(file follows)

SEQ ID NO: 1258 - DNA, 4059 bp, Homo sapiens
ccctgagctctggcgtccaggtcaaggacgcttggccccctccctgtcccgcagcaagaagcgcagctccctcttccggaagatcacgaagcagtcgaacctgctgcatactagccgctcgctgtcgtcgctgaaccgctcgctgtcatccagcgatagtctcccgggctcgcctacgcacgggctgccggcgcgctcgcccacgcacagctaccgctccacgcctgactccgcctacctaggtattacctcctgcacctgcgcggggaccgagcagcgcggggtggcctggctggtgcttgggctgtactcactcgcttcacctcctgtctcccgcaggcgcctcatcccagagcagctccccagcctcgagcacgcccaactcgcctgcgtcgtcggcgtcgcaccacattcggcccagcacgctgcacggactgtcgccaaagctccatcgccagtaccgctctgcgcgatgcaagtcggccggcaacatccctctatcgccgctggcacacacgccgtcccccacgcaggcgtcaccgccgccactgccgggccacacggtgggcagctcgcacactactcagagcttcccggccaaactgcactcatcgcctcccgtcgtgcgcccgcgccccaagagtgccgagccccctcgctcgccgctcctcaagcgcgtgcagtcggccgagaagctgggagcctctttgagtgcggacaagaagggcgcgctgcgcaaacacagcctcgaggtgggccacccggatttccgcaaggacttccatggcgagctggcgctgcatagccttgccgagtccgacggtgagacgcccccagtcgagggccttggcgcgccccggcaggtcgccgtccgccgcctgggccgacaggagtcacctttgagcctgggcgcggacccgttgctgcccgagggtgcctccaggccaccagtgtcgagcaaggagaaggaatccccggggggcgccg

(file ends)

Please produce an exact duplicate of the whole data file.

SEQ ID NO: 1258 - DNA, 4059 bp, Homo sapiens
ccctgagctctggcgtccaggtcaaggacgcttggccccctccctgtcccgcagcaagaagcgcagctccctcttccggaagatcacgaagcagtcgaacctgctgcatactagccgctcgctgtcgtcgctgaaccgctcgctgtcatccagcgatagtctcccgggctcgcctacgcacgggctgccggcgcgctcgcccacgcacagctaccgctccacgcctgactccgcctacctaggtattacctcctgcacctgcgcggggaccgagcagcgcggggtggcctggctggtgcttgggctgtactcactcgcttcacctcctgtctcccgcaggcgcctcatcccagagcagctccccagcctcgagcacgcccaactcgcctgcgtcgtcggcgtcgcaccacattcggcccagcacgctgcacggactgtcgccaaagctccatcgccagtaccgctctgcgcgatgcaagtcggccggcaacatccctctatcgccgctggcacacacgccgtcccccacgcaggcgtcaccgccgccactgccgggccacacggtgggcagctcgcacactactcagagcttcccggccaaactgcactcatcgcctcccgtcgtgcgcccgcgccccaagagtgccgagccccctcgctcgccgctcctcaagcgcgtgcagtcggccgagaagctgggagcctctttgagtgcggacaagaagggcgcgctgcgcaaacacagcctcgaggtgggccacccggatttccgcaaggacttccatggcgagctggcgctgcatagccttgccgagtccgacggtgagacgcccccagtcgagggccttggcgcgccccggcaggtcgccgtccgccgcctgggccgacaggagtcacctttgagcctgggcgcggacccgttgctgcccgagggtgcctccaggccaccagtgtcgagcaaggagaaggaatccccggggggcgccg